Mr. Tancredi's argument seeks to avoid this pitfall by contending that while he knows that he was briefed on how to operate the trust database, he cannot recall whether he actually examined the data base or any confidential information. (Tancredi Aff., ¶6). But that claim is not persuasive. Mr. Tancredi's own emails reflect his eagerness to be involved in the case, and given that eagerness coupled with the various recommendations he actually made, such as that the trustee be immediately removed "given [what Mr. Tancredi concluded were] multiple breaches of fiduciary duty," it is a reasonable, if not ineluctable inference, that he accessed the database and utilized its confidential contents, which he admits included "financial and transactional records concerning various Medgyesey family trusts." (Tancredi Aff., ¶6). Mr. Tancredi makes no claim that the "financial and transactional records" of the trusts in the database were not confidential. Obviously, they are.
Considering whether to disqualify an attorney presents a difficult balancing act. On the one hand, there is prerogative of a party to proceed with counsel of his choice. Owen v. Wangerin, 985 F.2d 312, 317 (7th Cir. 1993); Schiessle v. Stephens, 717 F.2d 417, 419-20 (7th Cir.1983). On the other, there is the court's duty "to safeguard the sacrosanct privacy of the attorney-client relationship," Cromley v. Board of Educ. of Lockport Tp. High School Dist. 205, 17 F.3d 1059, 1066 (7th Cir. 1994), and the transcendent goal of maintaining the public trust in the propriety of legal proceedings.
"Where an attorney represents a party in a matter in which the adverse party is that attorney's former client, the attorney will be disqualified if the subject matter of the two representations are 'substantially related.'" Westinghouse Elec. Corp. v. Gulf Oil. Corp., 588 F.2d 221, 223 (7th Cir.1978). First, however, the question is whether there was an attorney-client relationship at all -- a relationship Mr. Tancredi denies. But the emails show that that denial is not credible. For example, on January 7, 2009 after recommending the removal of the trustee, Mr. Tancredi explains the legal consequences and advantages of the removal of the trustee and opines that a petition for immediate removal of the trustee is appropriate "to protect further injury to beneficiary assets."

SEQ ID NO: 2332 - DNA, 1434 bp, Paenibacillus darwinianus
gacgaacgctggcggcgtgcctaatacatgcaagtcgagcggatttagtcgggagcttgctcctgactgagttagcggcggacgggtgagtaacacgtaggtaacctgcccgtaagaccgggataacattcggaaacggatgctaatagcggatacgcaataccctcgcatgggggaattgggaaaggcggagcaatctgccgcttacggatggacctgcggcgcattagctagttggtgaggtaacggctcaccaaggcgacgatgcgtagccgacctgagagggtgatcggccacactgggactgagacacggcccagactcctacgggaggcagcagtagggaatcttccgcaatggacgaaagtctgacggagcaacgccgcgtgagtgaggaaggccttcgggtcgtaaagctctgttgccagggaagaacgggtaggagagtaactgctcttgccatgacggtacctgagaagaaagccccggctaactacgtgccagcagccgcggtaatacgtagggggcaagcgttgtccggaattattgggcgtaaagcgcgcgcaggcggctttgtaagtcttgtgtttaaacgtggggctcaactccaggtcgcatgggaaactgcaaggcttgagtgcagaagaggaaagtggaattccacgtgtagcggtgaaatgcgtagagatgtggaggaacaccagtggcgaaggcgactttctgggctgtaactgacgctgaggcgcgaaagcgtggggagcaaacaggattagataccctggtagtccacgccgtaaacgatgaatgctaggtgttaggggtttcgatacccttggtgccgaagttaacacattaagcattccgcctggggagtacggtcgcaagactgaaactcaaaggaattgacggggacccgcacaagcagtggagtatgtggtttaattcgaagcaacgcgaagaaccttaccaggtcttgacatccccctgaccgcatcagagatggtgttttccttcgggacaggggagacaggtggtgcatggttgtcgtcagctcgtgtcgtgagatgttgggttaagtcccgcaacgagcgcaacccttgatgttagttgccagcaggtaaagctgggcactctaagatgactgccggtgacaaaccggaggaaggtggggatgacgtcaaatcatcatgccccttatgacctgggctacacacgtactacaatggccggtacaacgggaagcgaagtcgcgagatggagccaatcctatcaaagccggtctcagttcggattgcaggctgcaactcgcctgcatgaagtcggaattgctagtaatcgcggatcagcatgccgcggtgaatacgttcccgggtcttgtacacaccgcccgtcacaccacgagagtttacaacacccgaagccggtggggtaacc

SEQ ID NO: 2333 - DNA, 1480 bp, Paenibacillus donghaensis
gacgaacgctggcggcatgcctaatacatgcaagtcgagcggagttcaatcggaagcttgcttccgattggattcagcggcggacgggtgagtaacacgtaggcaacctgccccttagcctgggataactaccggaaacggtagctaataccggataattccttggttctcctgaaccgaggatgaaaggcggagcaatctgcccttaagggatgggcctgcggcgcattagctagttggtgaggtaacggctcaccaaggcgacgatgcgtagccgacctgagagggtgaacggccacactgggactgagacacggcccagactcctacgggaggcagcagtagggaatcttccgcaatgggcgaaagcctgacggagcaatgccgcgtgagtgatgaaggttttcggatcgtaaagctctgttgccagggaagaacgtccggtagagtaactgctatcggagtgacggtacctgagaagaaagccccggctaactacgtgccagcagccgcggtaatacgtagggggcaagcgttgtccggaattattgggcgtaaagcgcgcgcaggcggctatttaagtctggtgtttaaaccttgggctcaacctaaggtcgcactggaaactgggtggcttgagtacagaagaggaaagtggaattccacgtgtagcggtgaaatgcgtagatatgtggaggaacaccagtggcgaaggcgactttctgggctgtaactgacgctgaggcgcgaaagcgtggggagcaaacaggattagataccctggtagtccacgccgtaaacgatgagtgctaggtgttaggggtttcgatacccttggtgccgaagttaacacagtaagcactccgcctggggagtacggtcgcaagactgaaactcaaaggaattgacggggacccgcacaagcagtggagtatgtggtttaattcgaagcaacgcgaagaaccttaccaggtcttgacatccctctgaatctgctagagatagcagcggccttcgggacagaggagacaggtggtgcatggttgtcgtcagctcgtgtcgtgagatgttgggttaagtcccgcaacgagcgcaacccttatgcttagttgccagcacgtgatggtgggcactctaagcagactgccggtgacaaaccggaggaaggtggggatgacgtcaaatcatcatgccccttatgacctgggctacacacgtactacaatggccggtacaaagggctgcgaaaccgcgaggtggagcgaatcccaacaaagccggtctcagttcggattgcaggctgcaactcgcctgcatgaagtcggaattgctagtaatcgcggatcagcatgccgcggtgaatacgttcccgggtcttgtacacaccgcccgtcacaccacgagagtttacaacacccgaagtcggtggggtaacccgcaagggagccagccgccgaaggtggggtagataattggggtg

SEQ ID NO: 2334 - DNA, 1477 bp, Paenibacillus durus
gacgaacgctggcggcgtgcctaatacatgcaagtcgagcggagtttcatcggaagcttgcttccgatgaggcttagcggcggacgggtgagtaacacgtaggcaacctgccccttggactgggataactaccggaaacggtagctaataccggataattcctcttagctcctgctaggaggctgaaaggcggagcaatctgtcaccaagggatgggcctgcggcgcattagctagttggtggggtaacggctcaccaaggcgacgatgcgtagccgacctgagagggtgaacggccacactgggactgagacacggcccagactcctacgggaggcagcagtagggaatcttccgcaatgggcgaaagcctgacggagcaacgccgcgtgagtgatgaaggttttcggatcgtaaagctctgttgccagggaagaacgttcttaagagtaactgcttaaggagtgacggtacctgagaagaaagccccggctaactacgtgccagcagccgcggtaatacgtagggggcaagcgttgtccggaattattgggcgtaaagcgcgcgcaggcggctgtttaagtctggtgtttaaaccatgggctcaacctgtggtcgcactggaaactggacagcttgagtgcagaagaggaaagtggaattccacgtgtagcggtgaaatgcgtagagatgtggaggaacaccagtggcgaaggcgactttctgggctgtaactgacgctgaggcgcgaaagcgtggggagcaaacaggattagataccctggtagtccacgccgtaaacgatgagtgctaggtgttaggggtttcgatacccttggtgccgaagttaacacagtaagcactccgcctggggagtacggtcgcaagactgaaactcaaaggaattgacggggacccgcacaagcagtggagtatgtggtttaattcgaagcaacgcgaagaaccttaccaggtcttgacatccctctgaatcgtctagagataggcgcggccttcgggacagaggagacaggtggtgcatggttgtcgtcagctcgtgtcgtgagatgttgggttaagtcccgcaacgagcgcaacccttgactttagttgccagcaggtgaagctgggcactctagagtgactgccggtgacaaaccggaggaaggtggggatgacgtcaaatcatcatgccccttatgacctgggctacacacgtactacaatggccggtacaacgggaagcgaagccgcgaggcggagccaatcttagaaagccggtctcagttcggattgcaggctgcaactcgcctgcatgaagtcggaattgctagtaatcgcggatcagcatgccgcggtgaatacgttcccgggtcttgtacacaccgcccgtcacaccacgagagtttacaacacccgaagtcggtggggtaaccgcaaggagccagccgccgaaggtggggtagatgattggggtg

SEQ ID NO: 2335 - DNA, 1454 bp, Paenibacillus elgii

Next, it must be determined whether it is reasonable to infer that the confidential information allegedly given would have been given to a lawyer representing a client in those matters. Third, it must be determined whether that information is relevant to the issues raised in the litigation pending against the former client. LaSalle Nat. Bank v. Lake County, 703 F.2d 252, 255-56 (7th Cir. 1983).
The emails show that Mr. Tancredi was brought in to assist Mr. Sheean on the previous Medgyesy trust case. They show that he was involved in the analysis of legal questions like fraud and breach of fiduciary duty, and was a party to discussions regarding litigation strategy. There may have been no formalized attorney-client relationship, but there doesn't have to be. See Westinghouse Elec. Corp. v. Kerr--McGee Corp., 580 F.2d 1311, 1319--20 (7th Cir.1978); Herbes v. Graham, 180 Ill.App.3d 692, 699, 536 N.E.2d 164, 167 (2nd Dist. 1989). What the emails show is that Mr. Tancredi was doing work that he, himself, deemed legal, as evidenced by his use of the "attorney work product" label on his emails.
Further, it is reasonable to infer that he had access to confidential information. He said he reviewed documents, which were clearly confidential, and the evidence taken as a whole shows that he had access to the confidential information in the database. Whether he accessed it really does not matter. It is the access that counts. See infra at 8.